Leading leaders - how to be a successful super leader
"There comes a point for many leaders, when they find themselves leading other leaders. This requires a whole new skill set and ways of working as they become Super Leaders guiding and inspire other leaders to deliver results though their teams," says Jean Gamester from Toastmasters International (www.toastmasters.org) who for the past five years has been training the organization’s “Super Leaders to be” in how to lead the leaders of their clubs across the UK and Ireland.
Here are Jean’s three top tips - based on some of her favourite leadership books - to help us all become Super Leaders:
Ditch the detail and lead with authority
In his book “Leadership that Gets Results” Daniel Goleman talks about a range of leadership styles and their effectiveness. The most powerful style he describes is “The Authoritative Style” which focuses on inspiring people to come along together to achieve a goal. The leader describes the outcome and gets buy in to that outcome, but leaves the method to the leader on the ground. We ask them questions about what would help them achieve rather than giving them our own answers.
When we rise above the day to day and energise our people to focus on how they can get their people to find ways to achieve the goal, then we can all grow, we can all play a role in achieving.
Create a learning environment
In a fabulous tribute to the All Blacks rugby team, James Kerr wrote “Legacy”, about how they manage consistently to lead the world in their sport. One of his key focus areas is about creating a learning environment - “Leaders are Teachers” he says. So when we seek to help our leaders make things happen, we need to build a relationship of trust between us and them, so that we can coach them and give them feedback.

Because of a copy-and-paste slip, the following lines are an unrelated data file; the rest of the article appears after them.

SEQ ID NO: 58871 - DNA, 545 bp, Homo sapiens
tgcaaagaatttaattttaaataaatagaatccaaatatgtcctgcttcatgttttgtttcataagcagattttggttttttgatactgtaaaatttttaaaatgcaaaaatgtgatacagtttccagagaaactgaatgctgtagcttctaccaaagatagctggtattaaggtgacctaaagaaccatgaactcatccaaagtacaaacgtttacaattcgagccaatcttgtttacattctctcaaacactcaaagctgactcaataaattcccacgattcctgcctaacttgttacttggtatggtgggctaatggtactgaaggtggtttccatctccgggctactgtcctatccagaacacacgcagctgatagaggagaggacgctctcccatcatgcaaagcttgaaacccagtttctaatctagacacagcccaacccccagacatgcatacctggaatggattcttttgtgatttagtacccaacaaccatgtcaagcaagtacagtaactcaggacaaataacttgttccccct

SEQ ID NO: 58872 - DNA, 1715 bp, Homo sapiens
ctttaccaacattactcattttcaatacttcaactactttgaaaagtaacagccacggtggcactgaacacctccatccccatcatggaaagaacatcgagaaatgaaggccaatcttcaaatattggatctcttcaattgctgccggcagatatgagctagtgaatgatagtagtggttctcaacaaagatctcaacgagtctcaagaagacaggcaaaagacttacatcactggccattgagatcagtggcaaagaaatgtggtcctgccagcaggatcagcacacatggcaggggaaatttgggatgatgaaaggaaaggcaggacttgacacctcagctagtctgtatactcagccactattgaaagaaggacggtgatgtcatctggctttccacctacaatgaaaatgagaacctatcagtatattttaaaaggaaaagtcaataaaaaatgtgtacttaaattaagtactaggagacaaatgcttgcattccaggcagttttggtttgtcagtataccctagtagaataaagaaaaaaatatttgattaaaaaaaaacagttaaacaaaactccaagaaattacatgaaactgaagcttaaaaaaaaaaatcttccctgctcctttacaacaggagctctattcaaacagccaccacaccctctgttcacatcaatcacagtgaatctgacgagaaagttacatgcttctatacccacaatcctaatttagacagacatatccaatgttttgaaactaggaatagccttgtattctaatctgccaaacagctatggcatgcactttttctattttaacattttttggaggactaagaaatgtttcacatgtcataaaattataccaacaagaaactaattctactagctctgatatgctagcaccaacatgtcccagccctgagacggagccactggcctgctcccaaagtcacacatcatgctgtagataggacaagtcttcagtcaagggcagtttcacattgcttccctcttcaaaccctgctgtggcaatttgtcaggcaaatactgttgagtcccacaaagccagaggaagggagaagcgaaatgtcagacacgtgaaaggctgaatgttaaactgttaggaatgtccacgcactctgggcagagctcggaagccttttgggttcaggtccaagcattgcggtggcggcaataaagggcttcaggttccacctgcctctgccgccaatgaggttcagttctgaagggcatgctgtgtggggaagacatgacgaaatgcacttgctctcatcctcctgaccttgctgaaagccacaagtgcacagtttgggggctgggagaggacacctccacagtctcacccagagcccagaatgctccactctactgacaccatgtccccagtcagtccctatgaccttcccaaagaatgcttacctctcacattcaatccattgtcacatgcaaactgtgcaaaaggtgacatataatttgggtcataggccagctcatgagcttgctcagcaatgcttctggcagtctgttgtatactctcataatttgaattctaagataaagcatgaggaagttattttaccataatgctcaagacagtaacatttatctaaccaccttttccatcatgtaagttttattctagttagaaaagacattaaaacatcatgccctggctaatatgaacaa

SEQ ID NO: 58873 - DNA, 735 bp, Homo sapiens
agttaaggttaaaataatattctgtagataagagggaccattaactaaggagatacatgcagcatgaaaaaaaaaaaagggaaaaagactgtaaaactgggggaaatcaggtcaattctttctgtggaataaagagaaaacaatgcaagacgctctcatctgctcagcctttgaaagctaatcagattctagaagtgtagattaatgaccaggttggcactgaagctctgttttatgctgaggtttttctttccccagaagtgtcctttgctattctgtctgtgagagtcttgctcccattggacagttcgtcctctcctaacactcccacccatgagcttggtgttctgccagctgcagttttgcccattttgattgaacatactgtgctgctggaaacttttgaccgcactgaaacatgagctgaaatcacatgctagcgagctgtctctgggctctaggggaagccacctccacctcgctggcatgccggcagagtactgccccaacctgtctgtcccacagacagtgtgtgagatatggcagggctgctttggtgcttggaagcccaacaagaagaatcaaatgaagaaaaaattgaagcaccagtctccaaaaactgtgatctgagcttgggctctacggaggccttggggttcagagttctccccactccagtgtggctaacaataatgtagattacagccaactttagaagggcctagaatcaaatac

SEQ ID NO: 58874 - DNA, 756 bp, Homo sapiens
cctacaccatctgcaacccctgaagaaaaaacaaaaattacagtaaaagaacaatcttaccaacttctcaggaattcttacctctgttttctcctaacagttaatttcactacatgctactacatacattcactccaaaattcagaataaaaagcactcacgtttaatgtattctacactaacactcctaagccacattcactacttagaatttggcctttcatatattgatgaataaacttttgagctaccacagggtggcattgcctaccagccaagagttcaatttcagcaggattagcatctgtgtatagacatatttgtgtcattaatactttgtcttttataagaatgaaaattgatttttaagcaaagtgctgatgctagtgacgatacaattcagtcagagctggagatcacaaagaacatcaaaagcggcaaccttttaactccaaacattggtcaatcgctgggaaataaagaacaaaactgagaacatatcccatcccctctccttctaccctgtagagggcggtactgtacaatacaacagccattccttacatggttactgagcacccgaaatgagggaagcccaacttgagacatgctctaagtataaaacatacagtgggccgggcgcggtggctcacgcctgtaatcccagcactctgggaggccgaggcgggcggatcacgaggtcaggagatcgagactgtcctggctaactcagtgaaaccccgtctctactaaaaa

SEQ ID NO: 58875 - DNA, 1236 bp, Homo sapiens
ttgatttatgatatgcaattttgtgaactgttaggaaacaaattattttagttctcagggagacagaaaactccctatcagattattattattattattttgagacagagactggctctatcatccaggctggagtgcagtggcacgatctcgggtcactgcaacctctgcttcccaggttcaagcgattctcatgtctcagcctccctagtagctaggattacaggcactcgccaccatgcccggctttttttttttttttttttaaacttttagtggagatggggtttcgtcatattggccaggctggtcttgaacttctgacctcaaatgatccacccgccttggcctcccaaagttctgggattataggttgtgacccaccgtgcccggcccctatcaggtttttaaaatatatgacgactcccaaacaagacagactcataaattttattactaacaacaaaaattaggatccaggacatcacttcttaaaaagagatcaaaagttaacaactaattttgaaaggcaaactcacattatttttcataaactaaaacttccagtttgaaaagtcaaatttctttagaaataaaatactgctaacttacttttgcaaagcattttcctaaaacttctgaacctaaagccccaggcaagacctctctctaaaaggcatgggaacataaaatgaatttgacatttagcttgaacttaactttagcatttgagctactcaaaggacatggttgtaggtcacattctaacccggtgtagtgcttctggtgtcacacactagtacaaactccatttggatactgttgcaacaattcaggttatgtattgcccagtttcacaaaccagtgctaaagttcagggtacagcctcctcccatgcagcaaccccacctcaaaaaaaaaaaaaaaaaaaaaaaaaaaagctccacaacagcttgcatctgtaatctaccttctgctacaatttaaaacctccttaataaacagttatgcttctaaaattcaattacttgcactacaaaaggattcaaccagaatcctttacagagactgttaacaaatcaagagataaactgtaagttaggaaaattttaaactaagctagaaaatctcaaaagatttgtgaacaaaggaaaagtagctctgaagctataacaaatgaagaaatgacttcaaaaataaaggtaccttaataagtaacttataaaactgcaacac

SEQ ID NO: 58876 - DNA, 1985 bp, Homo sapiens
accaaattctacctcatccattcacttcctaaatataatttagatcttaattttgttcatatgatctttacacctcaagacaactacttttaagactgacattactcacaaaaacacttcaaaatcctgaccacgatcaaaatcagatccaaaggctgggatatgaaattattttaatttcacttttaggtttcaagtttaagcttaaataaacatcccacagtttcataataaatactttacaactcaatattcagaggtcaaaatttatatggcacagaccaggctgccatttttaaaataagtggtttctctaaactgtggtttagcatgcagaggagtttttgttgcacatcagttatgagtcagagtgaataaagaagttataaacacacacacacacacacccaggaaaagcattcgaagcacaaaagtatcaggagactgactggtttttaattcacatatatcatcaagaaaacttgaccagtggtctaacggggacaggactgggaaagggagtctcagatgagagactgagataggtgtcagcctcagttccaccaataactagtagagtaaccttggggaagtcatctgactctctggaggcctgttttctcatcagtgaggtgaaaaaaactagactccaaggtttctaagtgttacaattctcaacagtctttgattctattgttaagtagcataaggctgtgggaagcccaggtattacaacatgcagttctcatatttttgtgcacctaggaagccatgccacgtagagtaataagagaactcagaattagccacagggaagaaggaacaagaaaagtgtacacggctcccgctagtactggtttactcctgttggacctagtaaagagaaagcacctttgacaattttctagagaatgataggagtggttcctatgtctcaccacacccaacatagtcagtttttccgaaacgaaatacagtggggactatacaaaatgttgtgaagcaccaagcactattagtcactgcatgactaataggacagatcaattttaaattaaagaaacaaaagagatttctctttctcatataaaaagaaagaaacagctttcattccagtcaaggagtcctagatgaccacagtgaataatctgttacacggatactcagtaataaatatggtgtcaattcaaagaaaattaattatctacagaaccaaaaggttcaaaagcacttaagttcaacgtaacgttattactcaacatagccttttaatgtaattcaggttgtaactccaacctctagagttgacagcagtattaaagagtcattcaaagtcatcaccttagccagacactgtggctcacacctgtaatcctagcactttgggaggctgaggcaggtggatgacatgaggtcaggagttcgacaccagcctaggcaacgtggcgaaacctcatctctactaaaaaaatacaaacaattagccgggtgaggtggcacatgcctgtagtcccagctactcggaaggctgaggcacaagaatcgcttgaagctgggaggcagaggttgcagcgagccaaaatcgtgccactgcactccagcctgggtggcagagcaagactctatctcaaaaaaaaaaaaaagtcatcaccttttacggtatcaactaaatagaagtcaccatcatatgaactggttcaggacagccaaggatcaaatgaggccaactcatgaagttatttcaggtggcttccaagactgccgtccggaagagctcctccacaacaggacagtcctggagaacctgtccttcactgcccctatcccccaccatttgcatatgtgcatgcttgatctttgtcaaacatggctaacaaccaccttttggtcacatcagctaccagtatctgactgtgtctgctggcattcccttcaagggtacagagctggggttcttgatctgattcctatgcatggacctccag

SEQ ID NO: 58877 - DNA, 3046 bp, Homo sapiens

Work to strengths, fill the gaps
The third book, Gamester recommends is “Strengths Based Leadership” by Tom Rath and Barry Conchie. Their message is that we should stop sucking the energy out of ourselves by trying to fix everything we are not good at. Instead, work out what we are good at, get really really good at those things, and build teams around us of people who have the other skills we need.
"Leading leaders is a lot harder than being a leader on the ground," says Gamester. "We need to not only have developed the skills to do that front line leadership, we also need to be able to support others to do it, without constantly interfering! That requires great emotional intelligence - the ability to understand and manage ourselves as well as the ability to understand and manage our relationships with others. To achieve success, let’s lead with authority and create a learning environment. Let’s work to our own strengths, and the strengths of those we lead."